Kudos to Tommy Lee Jones (Oscar winner for The Fugitive) deciding on making his own film, a fairly trenchant neo-western that sharply connects with the mind and heart. And, he delivers one of his best performances at age sixty in The Three Burials of Melquiades Estrada.
Last year's Cannes winner as Best Actor is Pete Perkins, a Texas ranch foreman, out to return the body of his deceased amigo (Julio Cesar Cedillo), the very affable illegal migrant title character, for burial in Mexico.
Barry Pepper has a similar moxie and far less heroic intensity than his performance in Saving Private Ryan as Mike Norton, a patrol cop on the border, coerced to look after the decaying body of the man he shot. The interplay between the steely Pete and the relocated, naive Mike gradually tones the proceedings into more of a poetic, quixotic state. Jones ultimately tempers his work in a way that is enigmatically effective, not just a scenic revenge drama that is sometimes hard to watch.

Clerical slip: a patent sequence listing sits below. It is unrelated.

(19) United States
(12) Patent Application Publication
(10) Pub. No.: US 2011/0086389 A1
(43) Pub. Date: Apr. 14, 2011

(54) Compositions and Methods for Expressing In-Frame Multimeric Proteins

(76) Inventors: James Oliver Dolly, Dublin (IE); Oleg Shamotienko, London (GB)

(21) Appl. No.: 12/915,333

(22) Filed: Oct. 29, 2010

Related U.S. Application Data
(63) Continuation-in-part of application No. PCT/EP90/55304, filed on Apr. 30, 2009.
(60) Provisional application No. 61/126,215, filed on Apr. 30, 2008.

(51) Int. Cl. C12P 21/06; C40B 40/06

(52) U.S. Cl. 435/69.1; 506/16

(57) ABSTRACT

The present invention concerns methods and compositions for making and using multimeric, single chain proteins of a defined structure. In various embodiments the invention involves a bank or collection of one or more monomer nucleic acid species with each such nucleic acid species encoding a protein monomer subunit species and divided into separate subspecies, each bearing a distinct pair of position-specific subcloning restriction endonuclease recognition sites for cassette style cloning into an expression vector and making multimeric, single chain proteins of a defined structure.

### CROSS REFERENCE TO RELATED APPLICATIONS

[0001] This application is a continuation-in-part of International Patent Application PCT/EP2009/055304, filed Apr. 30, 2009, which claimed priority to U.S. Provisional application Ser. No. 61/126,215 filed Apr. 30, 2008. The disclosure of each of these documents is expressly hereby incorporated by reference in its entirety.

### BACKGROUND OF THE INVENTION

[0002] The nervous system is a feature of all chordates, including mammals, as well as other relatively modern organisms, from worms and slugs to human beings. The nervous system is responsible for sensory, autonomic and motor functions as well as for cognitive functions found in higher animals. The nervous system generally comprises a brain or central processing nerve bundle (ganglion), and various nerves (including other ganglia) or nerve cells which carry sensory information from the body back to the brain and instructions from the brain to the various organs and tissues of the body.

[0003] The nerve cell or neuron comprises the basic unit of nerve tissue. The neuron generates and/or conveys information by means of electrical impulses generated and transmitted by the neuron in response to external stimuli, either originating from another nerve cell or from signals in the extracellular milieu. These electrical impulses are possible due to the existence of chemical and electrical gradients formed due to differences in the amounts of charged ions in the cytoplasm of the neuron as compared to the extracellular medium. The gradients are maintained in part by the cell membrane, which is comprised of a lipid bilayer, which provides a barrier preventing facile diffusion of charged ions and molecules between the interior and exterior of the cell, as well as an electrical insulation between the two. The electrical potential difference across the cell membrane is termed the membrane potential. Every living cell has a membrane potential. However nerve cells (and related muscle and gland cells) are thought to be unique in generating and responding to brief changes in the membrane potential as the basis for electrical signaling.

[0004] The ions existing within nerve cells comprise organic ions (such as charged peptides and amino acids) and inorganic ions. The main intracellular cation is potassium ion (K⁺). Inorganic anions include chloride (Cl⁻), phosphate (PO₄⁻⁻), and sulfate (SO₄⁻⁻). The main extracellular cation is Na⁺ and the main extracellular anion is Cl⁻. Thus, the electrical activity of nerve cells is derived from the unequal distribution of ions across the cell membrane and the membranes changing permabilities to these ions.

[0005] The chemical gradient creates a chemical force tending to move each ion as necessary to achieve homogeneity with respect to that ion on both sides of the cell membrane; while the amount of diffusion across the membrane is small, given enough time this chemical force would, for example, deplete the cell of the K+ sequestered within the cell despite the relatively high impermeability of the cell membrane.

In a movie with an abundance of austerity, impassioned by the unchronolgoical, title-carded script by Guillermo Arriaga (21 Grams), there is effective support from Melissa Leo as a flinty, married waitress and January Jones as Mike's comely, restless wife. Dwight Yoakam also singes the feelings of a local as a rather cold-hearted sheriff who doesn't like sharing that waitress with Pete.
The director's spirited, sometimes unsettlingly drifting picture knocks you for a loop in a provocative way that has feeling for the likes of Sam Peckinpah and The Treasure of the Sierra Madre. This road picture has some nice touches as when Pete and Mike meet up with a blind hermit and Jones (The Missing) isn't lost when it comes to the kind of conflict that often occurs in the southwest probably more than is reported. Here's hoping he keeps on going looking for more challenges behind the camera besides the arid Mexican village known by Melquiades.